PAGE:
Four Sociological Traditions

By Randall Collins | Go to book overview

conflict (which overlaps with some of these principles), and the combination of the two lines of theory made sociologists aware that there was a major tradition that could be called conflict theory.


NOTES
1
Some commentators have noticed a difference between Engels and Marx. For the most part they have made the distinction to the disparagement of Engels, who is regarded as more dogmatically materialist and doctrinaire. Engels's late essay ( 1873-1874) applying the dialectic to physical science was criticized by philosophical Marxists of the 1920s such as Georg Lukács and Karl Korsch. Recent Marxists (e.g., Norman Levine, The Tragic Deception: Marx Contra Engels, Oxford: Clio Press, 1975) have attacked Engels for lacking Marx's humanistic vision, which was derived from the Young Hegelians. As a result Engels was allegedly the forbear of Stalinist oppression that the more humanistic Marx would have disavowed. The attack 'is completely wrongheaded. It is true that increasingly "soft" Hegelian reinterpretations of Marx have become popular in the last few decades (and the revival of interest in Lukács and Korsch, both of them Hegelian philosophers, is part of this mood), but this is largely because a declining faith in the economic inevitability of capitalist crisis, and a general mood of antagonism to science: a mood that neither Marx nor Engels shared. The Hegelianism is largely an element of mystification, which keeps us from seeing the actual sociological processes that Engel opened up. The real difficulty of Marx's economic system, in fact, is the way that he continually tried to fit it into the frame of Hegelian categories.

Engels opposed paying so much attention to the Young Hegelians (he did not want to add a long section on Feuerbach to The German Ideology, regarding him as unrealistic; among all the manuscripts of Marx that Engels did publish posthumously, he did not include the "Economic and Philosophical Manuscripts of 1844"). This has been taken as a weakness on Engels' part, and so has his lack of interest in the more abstract convolutions of Marx's economics. But one could say more justly that Engels had a better sense of what was worthwhile as a realistic analysis of the social world. Moreover it is hardly the case that Engels was the more dogmatic of the two. His essays on the "dialectics of nature" are not notably successful and only point out a

-118-

Notes for this page

Add a new note
If you are trying to select text to create highlights or citations, remember that you must now click or tap on the first word, and then click or tap on the last word.
One moment ...
Default project is now your active project.
Project items
Notes
Cite this page

Cited page

Style
Citations are available only to our active members.
Buy instant access to cite pages or passages in MLA 8, MLA 7, APA and Chicago citation styles.

(Einhorn, 1992, p. 25)

(Einhorn 25)

(Einhorn 25)

1. Lois J. Einhorn, Abraham Lincoln, the Orator: Penetrating the Lincoln Legend (Westport, CT: Greenwood Press, 1992), 25, http://www.questia.com/read/27419298.

Note: primary sources have slightly different requirements for citation. Please see these guidelines for more information.

Cited page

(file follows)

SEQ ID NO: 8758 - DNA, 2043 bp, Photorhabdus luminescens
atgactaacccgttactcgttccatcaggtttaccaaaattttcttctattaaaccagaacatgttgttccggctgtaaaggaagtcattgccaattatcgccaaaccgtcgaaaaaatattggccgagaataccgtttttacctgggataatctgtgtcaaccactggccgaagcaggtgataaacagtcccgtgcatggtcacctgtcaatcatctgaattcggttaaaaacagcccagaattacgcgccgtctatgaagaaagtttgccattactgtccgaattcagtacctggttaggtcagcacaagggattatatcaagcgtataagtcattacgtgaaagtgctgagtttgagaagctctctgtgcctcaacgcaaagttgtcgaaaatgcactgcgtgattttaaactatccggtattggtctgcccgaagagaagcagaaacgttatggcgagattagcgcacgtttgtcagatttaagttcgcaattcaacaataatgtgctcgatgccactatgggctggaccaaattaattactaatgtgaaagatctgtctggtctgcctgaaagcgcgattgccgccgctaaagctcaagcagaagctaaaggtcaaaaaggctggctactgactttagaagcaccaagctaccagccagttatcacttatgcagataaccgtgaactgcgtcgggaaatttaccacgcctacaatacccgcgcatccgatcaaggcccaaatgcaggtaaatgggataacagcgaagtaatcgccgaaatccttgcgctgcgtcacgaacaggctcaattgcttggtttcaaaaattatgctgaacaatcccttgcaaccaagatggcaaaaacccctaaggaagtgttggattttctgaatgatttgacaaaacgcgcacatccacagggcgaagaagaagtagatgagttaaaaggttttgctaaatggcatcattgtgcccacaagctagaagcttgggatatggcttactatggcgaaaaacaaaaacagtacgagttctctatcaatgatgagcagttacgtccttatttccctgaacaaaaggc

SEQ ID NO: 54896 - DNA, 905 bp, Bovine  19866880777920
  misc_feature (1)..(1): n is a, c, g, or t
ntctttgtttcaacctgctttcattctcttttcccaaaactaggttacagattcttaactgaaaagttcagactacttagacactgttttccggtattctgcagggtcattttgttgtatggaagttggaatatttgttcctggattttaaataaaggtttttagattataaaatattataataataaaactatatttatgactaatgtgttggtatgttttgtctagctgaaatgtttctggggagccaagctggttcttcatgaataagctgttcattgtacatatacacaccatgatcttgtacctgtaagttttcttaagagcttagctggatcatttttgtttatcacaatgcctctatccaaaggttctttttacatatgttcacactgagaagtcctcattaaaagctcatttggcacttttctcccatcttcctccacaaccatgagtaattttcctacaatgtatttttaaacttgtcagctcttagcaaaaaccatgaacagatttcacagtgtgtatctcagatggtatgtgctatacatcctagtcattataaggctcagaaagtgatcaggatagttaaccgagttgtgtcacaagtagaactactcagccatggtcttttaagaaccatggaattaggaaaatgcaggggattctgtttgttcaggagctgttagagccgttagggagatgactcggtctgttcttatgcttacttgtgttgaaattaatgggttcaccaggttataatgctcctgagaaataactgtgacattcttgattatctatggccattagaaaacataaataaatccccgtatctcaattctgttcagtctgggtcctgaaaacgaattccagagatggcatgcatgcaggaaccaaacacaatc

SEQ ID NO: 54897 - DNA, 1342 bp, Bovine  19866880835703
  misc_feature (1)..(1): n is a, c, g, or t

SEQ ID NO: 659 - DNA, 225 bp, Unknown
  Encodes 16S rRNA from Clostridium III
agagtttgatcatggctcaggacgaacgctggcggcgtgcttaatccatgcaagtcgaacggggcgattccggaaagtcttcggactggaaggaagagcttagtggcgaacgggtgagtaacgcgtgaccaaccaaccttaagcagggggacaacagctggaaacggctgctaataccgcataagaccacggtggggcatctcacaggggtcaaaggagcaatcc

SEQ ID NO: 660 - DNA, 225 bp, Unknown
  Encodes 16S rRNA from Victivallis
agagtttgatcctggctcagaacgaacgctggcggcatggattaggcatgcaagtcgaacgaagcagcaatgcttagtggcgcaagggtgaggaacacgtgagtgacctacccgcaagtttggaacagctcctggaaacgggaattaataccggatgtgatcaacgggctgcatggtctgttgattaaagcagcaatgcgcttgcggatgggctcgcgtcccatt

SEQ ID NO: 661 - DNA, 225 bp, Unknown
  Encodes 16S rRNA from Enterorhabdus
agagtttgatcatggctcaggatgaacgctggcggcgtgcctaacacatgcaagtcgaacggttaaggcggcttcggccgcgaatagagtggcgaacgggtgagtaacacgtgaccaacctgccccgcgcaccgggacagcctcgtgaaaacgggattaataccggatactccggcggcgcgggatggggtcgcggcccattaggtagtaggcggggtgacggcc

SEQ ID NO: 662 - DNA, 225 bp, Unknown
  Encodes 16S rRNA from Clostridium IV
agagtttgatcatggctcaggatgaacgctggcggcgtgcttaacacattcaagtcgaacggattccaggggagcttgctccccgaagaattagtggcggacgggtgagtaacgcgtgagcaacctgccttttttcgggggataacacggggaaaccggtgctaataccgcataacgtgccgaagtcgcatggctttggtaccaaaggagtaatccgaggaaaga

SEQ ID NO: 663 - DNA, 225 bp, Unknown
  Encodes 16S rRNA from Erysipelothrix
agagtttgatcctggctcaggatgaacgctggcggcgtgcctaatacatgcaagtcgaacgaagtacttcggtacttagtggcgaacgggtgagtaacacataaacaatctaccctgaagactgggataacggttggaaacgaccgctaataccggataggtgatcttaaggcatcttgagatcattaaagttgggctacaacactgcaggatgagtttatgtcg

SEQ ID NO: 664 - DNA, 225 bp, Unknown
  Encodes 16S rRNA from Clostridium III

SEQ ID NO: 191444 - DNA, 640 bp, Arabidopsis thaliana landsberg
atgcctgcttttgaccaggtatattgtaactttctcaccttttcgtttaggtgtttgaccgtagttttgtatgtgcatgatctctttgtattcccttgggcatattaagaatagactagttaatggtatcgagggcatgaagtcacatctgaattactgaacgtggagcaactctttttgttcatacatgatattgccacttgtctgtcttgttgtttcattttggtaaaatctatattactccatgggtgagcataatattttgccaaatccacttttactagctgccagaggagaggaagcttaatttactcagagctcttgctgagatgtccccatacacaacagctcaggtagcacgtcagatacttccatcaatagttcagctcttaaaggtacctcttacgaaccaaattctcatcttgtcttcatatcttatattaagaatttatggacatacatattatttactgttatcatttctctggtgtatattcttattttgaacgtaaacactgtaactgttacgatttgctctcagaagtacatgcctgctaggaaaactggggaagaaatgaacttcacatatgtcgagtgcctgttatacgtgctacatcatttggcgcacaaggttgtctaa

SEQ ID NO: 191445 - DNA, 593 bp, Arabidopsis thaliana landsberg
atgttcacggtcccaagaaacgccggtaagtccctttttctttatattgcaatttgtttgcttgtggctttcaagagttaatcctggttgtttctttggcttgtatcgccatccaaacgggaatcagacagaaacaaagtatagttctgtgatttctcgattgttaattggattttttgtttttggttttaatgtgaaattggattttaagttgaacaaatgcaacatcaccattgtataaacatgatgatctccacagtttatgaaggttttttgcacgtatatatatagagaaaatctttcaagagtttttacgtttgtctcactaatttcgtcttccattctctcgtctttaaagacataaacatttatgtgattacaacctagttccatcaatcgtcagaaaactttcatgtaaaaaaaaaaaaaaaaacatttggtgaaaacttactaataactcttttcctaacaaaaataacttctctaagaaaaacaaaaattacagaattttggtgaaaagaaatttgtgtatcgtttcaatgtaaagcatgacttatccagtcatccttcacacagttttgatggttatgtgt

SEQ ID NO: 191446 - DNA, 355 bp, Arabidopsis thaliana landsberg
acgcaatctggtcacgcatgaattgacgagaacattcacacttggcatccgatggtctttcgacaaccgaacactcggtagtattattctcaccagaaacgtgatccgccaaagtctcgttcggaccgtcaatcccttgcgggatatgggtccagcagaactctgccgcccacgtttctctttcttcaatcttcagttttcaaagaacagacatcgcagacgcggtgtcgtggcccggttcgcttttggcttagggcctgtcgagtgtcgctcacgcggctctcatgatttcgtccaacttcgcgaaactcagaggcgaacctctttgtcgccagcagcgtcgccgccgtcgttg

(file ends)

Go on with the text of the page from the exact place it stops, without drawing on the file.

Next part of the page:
Bookmark this page
Four Sociological Traditions
Table of contents

Table of contents

  • Title Page iii
  • Preface v
  • Contents ix
  • Prologue- the Rise of the Social Sciences 3
  • 1- The Conflict Tradition 47
  • Notes 118
  • 2- The Rational/Utilitarian Tradition 121
  • Notes 179
  • 3- The Durkheimian Tradition 181
  • Notes 236
  • 4- The Microinteractionist Tradition 242
  • Notes 289
  • Epilogue 291
  • Bibliography 297
  • Index 311
Settings

Settings

Typeface
Text size Smaller Larger Reset View mode
Search within

Search within this book

Look up

Look up a word

  • Dictionary
  • Thesaurus
Please submit a word or phrase above.
Print this page

Print this page

Why can't I print more than one page at a time?

Help
Full screen
Items saved from this book
  • Bookmarks
  • Highlights & Notes
  • Citations
/ 321

matching results for page

    Questia reader help

    How to highlight and cite specific passages

    1. Click or tap the first word you want to select.
    2. Click or tap the last word you want to select, and you’ll see everything in between get selected.
    3. You’ll then get a menu of options like creating a highlight or a citation from that passage of text.

    OK, got it!

    Cited passage

    Style
    Citations are available only to our active members.
    Buy instant access to cite pages or passages in MLA 8, MLA 7, APA and Chicago citation styles.

    "Portraying himself as an honest, ordinary person helped Lincoln identify with his audiences." (Einhorn, 1992, p. 25).

    "Portraying himself as an honest, ordinary person helped Lincoln identify with his audiences." (Einhorn 25)

    "Portraying himself as an honest, ordinary person helped Lincoln identify with his audiences." (Einhorn 25)

    "Portraying himself as an honest, ordinary person helped Lincoln identify with his audiences."1

    1. Lois J. Einhorn, Abraham Lincoln, the Orator: Penetrating the Lincoln Legend (Westport, CT: Greenwood Press, 1992), 25, http://www.questia.com/read/27419298.

    Cited passage

    Thanks for trying Questia!

    Please continue trying out our research tools, but please note, full functionality is available only to our active members.

    Your work will be lost once you leave this Web page.

    Buy instant access to save your work.

    Already a member? Log in now.

    Search by... Author
    Show... All Results Primary Sources Peer-reviewed

    Oops!

    An unknown error has occurred. Please click the button below to reload the page. If the problem persists, please try again in a little while.